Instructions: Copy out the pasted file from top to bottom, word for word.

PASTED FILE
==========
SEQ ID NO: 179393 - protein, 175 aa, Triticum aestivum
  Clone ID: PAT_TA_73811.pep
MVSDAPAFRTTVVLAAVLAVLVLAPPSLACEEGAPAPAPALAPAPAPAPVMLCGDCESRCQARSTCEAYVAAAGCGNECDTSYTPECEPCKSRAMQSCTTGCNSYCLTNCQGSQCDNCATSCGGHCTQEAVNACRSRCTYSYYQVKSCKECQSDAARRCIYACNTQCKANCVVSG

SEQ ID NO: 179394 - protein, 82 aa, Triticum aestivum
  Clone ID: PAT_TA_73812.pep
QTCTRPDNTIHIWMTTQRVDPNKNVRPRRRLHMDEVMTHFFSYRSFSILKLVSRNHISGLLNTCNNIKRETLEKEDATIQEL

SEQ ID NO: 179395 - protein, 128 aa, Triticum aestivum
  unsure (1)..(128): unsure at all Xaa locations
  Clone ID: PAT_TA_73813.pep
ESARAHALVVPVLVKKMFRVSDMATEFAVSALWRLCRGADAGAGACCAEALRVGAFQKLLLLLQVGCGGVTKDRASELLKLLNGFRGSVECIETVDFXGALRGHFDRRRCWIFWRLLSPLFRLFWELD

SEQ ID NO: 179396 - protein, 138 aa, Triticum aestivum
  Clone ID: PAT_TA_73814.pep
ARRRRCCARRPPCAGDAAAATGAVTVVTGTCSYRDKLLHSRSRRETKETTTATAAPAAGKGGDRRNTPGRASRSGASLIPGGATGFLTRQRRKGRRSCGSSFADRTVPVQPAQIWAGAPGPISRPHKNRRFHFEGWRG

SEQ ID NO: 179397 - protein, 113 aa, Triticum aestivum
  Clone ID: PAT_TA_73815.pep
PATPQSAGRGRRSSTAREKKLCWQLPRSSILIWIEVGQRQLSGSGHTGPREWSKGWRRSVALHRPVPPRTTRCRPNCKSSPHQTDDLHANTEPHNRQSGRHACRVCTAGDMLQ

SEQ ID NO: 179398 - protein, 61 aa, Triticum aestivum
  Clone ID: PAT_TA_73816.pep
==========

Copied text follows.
SEQ ID NO: 179393 - protein, 175 aa, Triticum aestivum
  Clone ID: PAT_TA_73811.pep
MVSDAPAFRTTVVLAAVLAVLVLAPPSLACEEGAPAPAPALAPAPAPAPVMLCGDCESRCQARSTCEAYVAAAGCGNECDTSYTPECEPCKSRAMQSCTTGCNSYCLTNCQGSQCDNCATSCGGHCTQEAVNACRSRCTYSYYQVKSCKECQSDAARRCIYACNTQCKANCVVSG

SEQ ID NO: 179394 - protein, 82 aa, Triticum aestivum
  Clone ID: PAT_TA_73812.pep
QTCTRPDNTIHIWMTTQRVDPNKNVRPRRRLHMDEVMTHFFSYRSFSILKLVSRNHISGLLNTCNNIKRETLEKEDATIQEL

SEQ ID NO: 179395 - protein, 128 aa, Triticum aestivum
  unsure (1)..(128): unsure at all Xaa locations
  Clone ID: PAT_TA_73813.pep
ESARAHALVVPVLVKKMFRVSDMATEFAVSALWRLCRGADAGAGACCAEALRVGAFQKLLLLLQVGCGGVTKDRASELLKLLNGFRGSVECIETVDFXGALRGHFDRRRCWIFWRLLSPLFRLFWELD

SEQ ID NO: 179396 - protein, 138 aa, Triticum aestivum
  Clone ID: PAT_TA_73814.pep
ARRRRCCARRPPCAGDAAAATGAVTVVTGTCSYRDKLLHSRSRRETKETTTATAAPAAGKGGDRRNTPGRASRSGASLIPGGATGFLTRQRRKGRRSCGSSFADRTVPVQPAQIWAGAPGPISRPHKNRRFHFEGWRG

SEQ ID NO: 179397 - protein, 113 aa, Triticum aestivum
  Clone ID: PAT_TA_73815.pep
PATPQSAGRGRRSSTAREKKLCWQLPRSSILIWIEVGQRQLSGSGHTGPREWSKGWRRSVALHRPVPPRTTRCRPNCKSSPHQTDDLHANTEPHNRQSGRHACRVCTAGDMLQ

SEQ ID NO: 179398 - protein, 61 aa, Triticum aestivum
  Clone ID: PAT_TA_73816.pep